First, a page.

is appeared in the Himachal Pradesh, where she was revered as the consort of Sadasiva.[5] Some of these forms are terrific in nature. One of the bronze images of Gayatri dated back to 10th c. CE was obtained from Champa region and now preserved in Delhi museum. It appears with five faces and ten hands holding, sword, lotus, trident, disc, skull, Varada in left and goad, noose, a manuscript, the jar of ambrosia and Abhaya in right.[15] She resides in the mount Nandi. Modern depictions illustrates swan as her mount. Fine paintings of Gayatri
Gayatri
appears from 18th century CE in which she is often portrayed with third eye, crescent moon and five heads with five different colors same like Sadasiva. The well known form of Gayatri
Gayatri
with the Saivite influence will appear having five heads (Mukta, Vidruma, Hema, Neela, Dhavala) with the ten eyes looking in eight directions plus the earth and sky, and ten arms holding various types of weapons attributed to Shiva, Vishnu
Vishnu
and Brahma. Another recent depiction is accompanied by a white swan holding a book to portray knowledge in one hand and a cure in the other, as the Goddess
Goddess
of education.[22] See also[edit]

Gayatri
Gayatri
Mantra Saraswati

References[edit]

^ Bradley, R. Hertel; Cynthia, Ann Humes (1993). Living Banaras: Hindu Religion in Cultural Context. SUNY Press. p. 286. ISBN 9780791413319.  ^ Constance Jones, James D. Ryan (2005), Encyclopedia of Hinduism, Infobase Publishing, p.167, entry " Gayatri
Gayatri
Mantra" ^ Roshen Dalal (2010), The Religions of India: A Concise Guide to Nine Major Faiths, Penguin Books India, p.328, entry "Savitr, god" ^ a b Margaret Stutley (2006). Hindu Deities: A Mythological Dictionary with Illustrations. Munshiram Manoharlal Publishers. ISBN 9788121511643.  ^ a b c d e Omacanda Hāṇḍā (1992). Śiva in art: a study of Śaiva iconography and miniatures. Indus Pub. House.  ^ a b c Bansal, Sunita Pant (2005). Hindu Gods and Goddesses. Smriti Books. p. 23. ISBN 9788187967729.  ^ Ramachandra Rao, Saligrama Krishna
Krishna
(1998). R̥gveda-darśana: Gāyatri mantra. Kalpatharu Research Academy. p. 77.  ^ Guru Granth Sahib an Advance Study. Hemkunt Press. p. 294. ISBN 9788170103219.  ^ Ludvík, Catherine (2007). Sarasvatī, Riverine Goddess
Goddess
of Knowledge: From the. Brill. p. 119. ISBN 9789004158146.  ^ Kennedy, Vans (1831). Researches Into the Nature and Affinity of Ancient and Hindu Mythology by Vans Kennedy. Longman, Rees, Orme, Brown and Green,. pp. 317–324.  ^ Sharma, Bulbul (2010). The book of Devi. Penguin Books India. pp. 72–75. ISBN 9780143067665.  ^ Holdrege, Barbara A. (2012). Hindu Mythology, Vedic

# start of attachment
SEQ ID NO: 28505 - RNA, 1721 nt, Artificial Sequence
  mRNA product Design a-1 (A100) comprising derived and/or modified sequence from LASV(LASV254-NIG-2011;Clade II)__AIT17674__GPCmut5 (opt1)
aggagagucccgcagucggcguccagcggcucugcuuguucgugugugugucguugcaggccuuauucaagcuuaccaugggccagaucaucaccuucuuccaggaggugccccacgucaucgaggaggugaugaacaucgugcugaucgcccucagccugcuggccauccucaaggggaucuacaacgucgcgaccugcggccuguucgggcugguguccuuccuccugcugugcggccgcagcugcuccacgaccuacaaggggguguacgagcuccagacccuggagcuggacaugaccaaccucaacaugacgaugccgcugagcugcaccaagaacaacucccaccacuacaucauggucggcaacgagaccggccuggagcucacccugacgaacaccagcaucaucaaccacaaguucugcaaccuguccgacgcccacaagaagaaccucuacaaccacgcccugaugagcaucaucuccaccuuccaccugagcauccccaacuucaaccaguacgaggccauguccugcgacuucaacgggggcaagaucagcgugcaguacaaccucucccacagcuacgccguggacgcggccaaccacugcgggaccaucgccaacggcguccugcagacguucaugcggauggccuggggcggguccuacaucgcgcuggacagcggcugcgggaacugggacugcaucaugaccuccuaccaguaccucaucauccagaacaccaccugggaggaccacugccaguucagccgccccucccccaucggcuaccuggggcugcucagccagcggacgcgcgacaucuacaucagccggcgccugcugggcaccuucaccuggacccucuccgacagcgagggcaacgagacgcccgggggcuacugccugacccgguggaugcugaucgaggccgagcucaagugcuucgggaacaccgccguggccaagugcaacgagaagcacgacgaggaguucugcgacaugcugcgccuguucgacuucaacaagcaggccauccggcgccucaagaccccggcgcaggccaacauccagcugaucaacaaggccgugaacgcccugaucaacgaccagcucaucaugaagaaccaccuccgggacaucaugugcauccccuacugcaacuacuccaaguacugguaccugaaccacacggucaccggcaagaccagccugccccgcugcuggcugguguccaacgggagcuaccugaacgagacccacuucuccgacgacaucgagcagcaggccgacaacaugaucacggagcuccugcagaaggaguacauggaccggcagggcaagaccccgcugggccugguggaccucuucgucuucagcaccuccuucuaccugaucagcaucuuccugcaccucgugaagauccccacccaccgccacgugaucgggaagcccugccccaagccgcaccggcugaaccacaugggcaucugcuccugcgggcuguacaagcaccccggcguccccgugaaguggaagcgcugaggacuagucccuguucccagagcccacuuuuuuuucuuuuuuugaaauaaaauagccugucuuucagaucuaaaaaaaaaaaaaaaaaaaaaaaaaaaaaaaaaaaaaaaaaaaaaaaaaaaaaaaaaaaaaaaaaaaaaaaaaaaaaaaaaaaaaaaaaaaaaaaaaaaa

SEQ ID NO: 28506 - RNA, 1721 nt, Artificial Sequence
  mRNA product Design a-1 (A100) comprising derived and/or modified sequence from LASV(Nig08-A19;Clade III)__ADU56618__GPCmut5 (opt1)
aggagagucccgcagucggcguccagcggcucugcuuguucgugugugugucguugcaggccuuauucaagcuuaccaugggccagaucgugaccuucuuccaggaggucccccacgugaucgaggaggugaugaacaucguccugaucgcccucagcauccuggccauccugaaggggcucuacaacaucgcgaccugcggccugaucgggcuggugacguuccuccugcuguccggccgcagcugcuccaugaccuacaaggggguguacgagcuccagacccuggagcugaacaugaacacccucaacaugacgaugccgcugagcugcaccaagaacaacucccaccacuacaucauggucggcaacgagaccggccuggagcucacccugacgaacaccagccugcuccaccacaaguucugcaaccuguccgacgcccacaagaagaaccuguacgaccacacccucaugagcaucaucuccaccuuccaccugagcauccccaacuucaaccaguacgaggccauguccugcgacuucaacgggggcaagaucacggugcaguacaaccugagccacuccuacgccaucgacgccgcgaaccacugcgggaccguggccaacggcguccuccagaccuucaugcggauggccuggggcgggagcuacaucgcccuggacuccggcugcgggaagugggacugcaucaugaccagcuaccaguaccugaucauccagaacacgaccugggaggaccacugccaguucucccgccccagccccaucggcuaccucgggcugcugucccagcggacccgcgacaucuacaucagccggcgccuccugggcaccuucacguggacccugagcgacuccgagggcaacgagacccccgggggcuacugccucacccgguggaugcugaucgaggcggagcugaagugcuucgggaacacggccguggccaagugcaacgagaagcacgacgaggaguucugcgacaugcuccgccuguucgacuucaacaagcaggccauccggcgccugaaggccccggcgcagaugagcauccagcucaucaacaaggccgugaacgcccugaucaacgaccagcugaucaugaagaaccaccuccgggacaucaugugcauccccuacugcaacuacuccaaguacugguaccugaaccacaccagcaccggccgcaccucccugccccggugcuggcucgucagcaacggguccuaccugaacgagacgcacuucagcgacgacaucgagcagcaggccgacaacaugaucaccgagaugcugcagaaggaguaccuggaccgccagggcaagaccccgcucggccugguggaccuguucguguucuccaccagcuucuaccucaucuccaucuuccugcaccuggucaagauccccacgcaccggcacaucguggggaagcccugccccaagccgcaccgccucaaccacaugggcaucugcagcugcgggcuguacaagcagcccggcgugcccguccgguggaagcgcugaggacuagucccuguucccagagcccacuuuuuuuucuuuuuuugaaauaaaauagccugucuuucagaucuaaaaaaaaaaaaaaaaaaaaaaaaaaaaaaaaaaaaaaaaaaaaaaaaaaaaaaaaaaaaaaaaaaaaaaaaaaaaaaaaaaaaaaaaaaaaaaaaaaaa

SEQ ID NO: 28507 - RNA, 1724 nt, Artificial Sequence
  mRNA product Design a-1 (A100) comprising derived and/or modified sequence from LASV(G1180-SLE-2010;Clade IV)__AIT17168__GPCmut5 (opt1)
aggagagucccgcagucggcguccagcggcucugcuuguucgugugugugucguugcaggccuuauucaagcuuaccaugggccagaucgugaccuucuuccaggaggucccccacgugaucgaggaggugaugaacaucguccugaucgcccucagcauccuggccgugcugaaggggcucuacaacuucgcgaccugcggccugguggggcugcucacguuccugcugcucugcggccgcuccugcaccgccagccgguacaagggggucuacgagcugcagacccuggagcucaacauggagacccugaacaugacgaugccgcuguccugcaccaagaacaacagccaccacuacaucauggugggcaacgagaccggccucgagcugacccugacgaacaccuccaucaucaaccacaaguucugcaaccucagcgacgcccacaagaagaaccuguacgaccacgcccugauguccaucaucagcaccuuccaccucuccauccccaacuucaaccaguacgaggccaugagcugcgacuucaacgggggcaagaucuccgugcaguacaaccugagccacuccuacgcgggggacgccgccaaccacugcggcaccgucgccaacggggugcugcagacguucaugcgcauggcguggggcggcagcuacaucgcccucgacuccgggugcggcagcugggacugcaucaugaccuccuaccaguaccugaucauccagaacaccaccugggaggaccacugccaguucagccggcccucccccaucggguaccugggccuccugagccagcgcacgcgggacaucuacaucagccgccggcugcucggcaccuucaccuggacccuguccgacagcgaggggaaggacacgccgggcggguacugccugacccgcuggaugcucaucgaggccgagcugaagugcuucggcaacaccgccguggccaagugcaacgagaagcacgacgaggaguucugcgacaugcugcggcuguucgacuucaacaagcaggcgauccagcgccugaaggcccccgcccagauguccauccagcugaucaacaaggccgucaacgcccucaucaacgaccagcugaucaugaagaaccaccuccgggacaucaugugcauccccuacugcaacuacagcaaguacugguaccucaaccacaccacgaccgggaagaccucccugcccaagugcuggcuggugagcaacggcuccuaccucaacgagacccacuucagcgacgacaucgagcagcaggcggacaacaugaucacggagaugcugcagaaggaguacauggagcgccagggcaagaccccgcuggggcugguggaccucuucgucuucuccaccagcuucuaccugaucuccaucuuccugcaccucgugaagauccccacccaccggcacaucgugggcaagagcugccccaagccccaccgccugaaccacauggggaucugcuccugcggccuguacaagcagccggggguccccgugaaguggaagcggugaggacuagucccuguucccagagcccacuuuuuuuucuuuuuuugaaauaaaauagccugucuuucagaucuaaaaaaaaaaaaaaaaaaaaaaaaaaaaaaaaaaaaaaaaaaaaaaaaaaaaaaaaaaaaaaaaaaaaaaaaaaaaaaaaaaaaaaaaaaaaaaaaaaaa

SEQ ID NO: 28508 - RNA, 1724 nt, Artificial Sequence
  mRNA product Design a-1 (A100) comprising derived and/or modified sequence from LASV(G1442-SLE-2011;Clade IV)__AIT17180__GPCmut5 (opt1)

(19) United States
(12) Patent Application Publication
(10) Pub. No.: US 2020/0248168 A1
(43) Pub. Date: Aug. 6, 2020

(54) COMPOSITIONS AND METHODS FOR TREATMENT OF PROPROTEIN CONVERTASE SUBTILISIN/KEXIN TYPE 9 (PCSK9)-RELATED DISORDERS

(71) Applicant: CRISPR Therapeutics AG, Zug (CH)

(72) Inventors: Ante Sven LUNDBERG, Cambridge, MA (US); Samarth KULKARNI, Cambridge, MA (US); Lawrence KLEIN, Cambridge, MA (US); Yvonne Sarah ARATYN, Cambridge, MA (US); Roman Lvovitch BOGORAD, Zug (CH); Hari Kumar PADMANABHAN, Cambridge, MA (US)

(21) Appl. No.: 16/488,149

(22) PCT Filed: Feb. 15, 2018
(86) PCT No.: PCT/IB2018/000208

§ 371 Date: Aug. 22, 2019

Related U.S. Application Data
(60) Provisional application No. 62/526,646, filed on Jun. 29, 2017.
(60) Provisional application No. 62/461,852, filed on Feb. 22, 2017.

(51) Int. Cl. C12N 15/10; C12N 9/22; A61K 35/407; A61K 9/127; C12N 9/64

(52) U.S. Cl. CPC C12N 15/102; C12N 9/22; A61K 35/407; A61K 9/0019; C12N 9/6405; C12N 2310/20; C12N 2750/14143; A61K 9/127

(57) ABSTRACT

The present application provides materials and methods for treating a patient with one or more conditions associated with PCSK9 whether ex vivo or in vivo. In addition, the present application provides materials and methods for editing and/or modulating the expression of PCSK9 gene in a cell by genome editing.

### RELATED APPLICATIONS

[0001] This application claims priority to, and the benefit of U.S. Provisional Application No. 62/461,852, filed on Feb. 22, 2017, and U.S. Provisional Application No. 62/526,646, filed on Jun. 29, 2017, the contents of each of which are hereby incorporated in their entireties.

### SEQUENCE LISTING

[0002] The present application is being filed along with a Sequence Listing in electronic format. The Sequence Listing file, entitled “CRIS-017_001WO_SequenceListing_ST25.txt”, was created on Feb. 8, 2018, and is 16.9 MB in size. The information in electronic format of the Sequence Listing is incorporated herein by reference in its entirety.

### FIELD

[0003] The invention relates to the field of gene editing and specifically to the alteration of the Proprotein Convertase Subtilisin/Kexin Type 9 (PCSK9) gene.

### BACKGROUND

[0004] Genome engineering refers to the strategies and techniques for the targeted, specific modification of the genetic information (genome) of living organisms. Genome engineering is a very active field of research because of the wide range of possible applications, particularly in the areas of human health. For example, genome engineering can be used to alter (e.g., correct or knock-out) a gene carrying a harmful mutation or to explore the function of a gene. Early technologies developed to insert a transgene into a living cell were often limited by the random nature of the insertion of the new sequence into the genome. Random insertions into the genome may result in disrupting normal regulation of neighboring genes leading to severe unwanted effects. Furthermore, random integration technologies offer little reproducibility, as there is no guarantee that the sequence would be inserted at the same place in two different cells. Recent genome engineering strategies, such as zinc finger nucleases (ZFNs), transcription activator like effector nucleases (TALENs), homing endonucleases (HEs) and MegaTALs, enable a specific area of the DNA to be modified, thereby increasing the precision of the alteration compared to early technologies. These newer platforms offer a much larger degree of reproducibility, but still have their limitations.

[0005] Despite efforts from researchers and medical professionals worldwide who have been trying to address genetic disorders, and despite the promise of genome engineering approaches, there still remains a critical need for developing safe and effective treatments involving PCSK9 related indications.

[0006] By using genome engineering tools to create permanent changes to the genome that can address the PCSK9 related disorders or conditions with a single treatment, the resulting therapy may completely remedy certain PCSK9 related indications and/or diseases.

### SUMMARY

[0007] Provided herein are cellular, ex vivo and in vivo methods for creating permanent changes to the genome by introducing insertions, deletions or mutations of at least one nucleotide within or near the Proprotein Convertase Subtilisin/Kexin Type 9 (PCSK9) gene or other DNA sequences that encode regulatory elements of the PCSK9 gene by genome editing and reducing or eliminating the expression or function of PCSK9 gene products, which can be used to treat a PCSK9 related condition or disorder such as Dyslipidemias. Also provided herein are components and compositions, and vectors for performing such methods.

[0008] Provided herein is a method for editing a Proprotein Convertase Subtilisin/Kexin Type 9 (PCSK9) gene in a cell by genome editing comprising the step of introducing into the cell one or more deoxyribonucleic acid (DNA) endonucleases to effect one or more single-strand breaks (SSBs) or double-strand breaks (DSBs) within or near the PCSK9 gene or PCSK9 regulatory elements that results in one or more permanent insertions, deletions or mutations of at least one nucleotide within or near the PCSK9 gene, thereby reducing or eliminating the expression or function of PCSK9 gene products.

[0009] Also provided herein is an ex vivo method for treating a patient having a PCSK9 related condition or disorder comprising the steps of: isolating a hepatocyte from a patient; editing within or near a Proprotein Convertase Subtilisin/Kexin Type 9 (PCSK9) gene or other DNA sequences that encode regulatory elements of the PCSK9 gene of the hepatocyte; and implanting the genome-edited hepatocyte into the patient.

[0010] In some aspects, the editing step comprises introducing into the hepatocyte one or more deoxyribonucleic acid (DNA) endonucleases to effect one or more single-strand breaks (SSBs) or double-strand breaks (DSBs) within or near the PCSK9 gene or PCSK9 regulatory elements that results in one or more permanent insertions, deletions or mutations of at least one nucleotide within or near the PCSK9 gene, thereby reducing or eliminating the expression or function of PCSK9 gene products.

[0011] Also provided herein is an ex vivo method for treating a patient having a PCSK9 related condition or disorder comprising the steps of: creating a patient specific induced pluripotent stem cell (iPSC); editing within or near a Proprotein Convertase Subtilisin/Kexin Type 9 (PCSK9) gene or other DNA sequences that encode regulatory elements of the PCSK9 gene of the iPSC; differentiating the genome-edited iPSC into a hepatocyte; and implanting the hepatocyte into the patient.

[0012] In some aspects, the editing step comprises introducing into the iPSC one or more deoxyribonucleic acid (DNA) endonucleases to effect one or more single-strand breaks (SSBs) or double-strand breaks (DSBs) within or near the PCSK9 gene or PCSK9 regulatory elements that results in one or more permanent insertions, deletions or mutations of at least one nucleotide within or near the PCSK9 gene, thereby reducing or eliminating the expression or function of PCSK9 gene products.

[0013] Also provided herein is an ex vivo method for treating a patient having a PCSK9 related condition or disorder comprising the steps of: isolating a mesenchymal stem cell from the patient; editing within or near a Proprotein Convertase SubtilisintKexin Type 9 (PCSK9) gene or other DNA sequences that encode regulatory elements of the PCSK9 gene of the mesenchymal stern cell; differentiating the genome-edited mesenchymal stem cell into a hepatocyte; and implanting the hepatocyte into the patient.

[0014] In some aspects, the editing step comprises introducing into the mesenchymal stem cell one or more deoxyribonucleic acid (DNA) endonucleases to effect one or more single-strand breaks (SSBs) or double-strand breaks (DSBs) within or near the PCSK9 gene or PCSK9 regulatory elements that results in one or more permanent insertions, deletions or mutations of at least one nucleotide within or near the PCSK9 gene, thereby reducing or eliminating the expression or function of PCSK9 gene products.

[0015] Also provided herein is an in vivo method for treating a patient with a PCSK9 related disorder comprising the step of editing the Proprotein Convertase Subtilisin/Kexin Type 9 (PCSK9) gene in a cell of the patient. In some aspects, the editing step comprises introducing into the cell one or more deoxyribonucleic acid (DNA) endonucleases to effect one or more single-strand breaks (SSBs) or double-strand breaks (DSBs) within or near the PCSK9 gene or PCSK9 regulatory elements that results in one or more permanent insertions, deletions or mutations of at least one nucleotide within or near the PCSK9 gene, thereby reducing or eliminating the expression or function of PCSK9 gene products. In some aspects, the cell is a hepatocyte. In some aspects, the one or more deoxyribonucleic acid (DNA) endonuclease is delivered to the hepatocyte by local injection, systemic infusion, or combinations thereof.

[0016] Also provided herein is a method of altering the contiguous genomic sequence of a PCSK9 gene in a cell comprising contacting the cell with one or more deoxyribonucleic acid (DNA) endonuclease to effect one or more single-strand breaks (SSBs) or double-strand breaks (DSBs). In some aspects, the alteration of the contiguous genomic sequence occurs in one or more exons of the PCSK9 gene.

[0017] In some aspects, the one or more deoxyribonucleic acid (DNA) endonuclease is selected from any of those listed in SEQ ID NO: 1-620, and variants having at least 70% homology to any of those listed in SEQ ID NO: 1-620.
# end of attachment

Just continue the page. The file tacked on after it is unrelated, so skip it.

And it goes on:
Vedic
and Puranic. SUNY Press. ISBN 9781438406954.  ^ B K Chaturvedi (2017). Varaha Purana. Diamond Pocket Books Pvt Ltd. p. 108. ISBN 9788128822261.  ^ Bibek, Debroy (2002). The holy Puranas
Puranas
Volume 2 of The Holy Puranas: Markandeya, Agni, Bhavishya, Brahmavaivarta, Linga, Varaha. B.R. Pub. Corp. p. 519. ISBN 9788176462969.  ^ a b B.N. Sharma (1976). Iconography of Sadasiva. Abhinav Publications. pp. 25–29. ISBN 9788170170372.  ^ Vallyon, Imre (2012). Planetary Transformation: A Personal Guide To Embracing Planetary Change. Bookbaby. p. 245. ISBN 9780909038908.  ^ CHETTY, D. GOPAUL (1923). NEW LIGHT UPON INDIAN PHILOSOPHY OR SWEDENBORG AND SAIVA SIDDHANTA. p. 52.  ^ Frawley, David (2015). Shiva: The Lord of Yoga. Lotus Press. ISBN 9780940676299.  ^ Uma Devi, Mudigonda (1990). Palkuriki Somanatha: His Contribution to Sanskrit
Sanskrit
Literature. Rasagangotri. pp. 123–183.  ^ Sankaracharya (2000). Śrī Dakshināmūrti stotram: stava rajaṁ, astakam, samsmaranam and upanishat (stepping stone to Vedant). Sānkhyāyana Vidyā Parishat. pp. 6–7.  ^ Jagdish Lal Shastri, Arnold Kunst (1985). Ancient Indian Tradition & Mythology, Volume 31. Motilal Banarsidass. p. 98. ISBN 9780895817778.  ^ " Gayatri
Gayatri
Mantra". Vedic
Vedic
Rishi. Vedicrishi Astro. Retrieved 7 February 2018. 

Wikimedia Commons has media related to Gayatri.

External links[edit]

Goddess
Goddess
Gayatri Hindu Goddess
Goddess
gayatri

v t e

Hindu deities
Hindu deities
and texts

Gods

Trimurti

Brahma Vishnu

Rama Krishna

Shiva

Ganesha Kartikeya Hanuman Indra Surya more

Goddesses

Tridevi

Saraswati Lakshmi

Sita Radha

Parvati

Sati Kali Adi Parashakti Mahavidya

Durga Shakti Navadurga Matrikas more

Texts

Vedas

Rig Sama Yajur Atharva

Upanishads Puranas Ramayana Mahabharata

Bhagavad Gita

Yoga Sutras of Patanjali more

Hinduism Hin

.